a # 80 scraper #112 scraper
2 #3 Stanleys
1 408 Sargent
2 #4’s, one sharpened at 30 degrees
1 Craftsman(409 Sargent) 1 #7 Craftsman(Sargent) 1 #7 Stanley #92 shoulder plane
shopmade Razee fore plane shopmade miter plane
There is a small spoke shave and over in the saddle shop there is a wooden spoke shave and 2 Snell and Atherton #6 heel shaves.
there are also 2 no name block planes that I never bothered to clean up.
I wish I had a router plane and a larger shoulder plane. I think I will just make them. It’s fun.
Tom

-- Thos. Angle, Jordan Valley, Oregon

View WayneC's profile

WayneC

12290 posts in 2755 days


#8 posted 10-13-2007 06:50 AM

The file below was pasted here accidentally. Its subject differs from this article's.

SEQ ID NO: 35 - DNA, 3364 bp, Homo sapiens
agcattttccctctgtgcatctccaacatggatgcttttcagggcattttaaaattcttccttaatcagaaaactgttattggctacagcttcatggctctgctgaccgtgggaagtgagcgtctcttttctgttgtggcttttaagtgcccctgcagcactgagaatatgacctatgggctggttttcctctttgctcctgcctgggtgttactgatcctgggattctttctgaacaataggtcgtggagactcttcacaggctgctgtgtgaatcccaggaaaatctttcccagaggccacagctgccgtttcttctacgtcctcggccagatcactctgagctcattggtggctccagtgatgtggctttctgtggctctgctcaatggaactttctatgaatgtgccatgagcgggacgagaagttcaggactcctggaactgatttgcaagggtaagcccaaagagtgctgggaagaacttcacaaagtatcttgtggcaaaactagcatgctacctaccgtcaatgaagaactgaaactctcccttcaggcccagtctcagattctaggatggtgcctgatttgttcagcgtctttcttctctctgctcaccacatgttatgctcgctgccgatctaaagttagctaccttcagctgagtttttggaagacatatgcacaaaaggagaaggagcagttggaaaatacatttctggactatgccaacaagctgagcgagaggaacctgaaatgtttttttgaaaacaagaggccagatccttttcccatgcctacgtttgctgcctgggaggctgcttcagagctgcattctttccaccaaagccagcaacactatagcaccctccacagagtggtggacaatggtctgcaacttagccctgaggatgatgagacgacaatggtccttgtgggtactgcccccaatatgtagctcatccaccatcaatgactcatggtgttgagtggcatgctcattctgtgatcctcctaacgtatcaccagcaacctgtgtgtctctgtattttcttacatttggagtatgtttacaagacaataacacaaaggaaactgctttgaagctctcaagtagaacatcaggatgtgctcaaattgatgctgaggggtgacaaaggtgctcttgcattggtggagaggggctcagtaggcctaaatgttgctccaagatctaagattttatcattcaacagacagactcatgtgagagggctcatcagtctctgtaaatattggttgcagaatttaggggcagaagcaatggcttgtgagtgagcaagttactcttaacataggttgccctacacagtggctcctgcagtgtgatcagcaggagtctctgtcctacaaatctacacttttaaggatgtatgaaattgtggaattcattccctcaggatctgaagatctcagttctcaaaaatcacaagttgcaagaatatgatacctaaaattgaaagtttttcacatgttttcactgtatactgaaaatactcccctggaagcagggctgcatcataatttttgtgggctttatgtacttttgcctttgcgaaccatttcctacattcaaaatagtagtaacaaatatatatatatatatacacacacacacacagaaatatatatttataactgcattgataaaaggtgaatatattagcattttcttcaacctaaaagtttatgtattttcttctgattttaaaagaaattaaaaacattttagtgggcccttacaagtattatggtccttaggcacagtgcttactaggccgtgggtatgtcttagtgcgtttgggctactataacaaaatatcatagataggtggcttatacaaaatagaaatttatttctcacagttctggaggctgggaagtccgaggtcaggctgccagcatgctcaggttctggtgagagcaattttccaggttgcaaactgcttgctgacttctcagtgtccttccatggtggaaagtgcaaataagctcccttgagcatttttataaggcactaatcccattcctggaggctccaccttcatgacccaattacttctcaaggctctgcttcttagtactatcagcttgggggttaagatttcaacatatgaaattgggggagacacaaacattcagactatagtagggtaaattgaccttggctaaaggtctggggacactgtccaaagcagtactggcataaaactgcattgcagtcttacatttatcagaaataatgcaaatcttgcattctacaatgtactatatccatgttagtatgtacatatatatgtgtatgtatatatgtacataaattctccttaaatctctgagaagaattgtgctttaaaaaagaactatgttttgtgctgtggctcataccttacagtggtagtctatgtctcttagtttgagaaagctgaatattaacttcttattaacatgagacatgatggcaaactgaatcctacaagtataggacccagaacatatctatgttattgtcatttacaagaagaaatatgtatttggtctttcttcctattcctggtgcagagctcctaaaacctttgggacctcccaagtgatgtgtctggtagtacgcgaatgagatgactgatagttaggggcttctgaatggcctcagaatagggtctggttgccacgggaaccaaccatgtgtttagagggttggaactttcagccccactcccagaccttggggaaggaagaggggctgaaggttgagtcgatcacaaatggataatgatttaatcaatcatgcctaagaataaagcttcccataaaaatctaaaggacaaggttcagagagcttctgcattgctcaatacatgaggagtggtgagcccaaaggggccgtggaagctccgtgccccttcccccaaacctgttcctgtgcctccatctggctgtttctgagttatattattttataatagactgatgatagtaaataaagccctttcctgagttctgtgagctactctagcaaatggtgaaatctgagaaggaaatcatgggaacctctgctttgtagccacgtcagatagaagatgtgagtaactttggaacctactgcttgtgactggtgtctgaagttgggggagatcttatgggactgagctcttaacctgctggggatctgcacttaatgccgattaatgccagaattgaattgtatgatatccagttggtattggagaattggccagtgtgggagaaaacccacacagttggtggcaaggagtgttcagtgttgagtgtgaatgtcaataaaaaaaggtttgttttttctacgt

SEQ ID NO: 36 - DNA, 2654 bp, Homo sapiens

Very nice group of planes Tom. Looking forward to seeing your next creation…

-- We must guard our enthusiasm as we would our life - James Krenov

View Thos. Angle's profile

Thos. Angle

4435 posts in 2620 days


#9 posted 10-13-2007 07:05 AM

I’m going to do a smoother. I’ve got some ideas that I am working out. I picked up a heavy LN blade for a low angle plane. I think I’ll turn it over and use it in the smooth plane. I haven’t looked at it much. We’ll see. I also picked up a knife blank at Woodcraft. Monty wants me to build a scabbard for one they have. I have a chunk of elephant tusk that I’ve had for 30 years so I decided to scrimshaw some scales for it. 30 years ago I was building knife cases and doing scrim for a custom knife maker. I haven’t done much for a long time but I still have an Exacto knife and some India ink. I should be finished with this kitchen in another week.Still one door panel to carve and some over heads and shelves to finish. I’ll post it when done. Still need to do the tile back splash.as welll. I’ll be glad to get it done.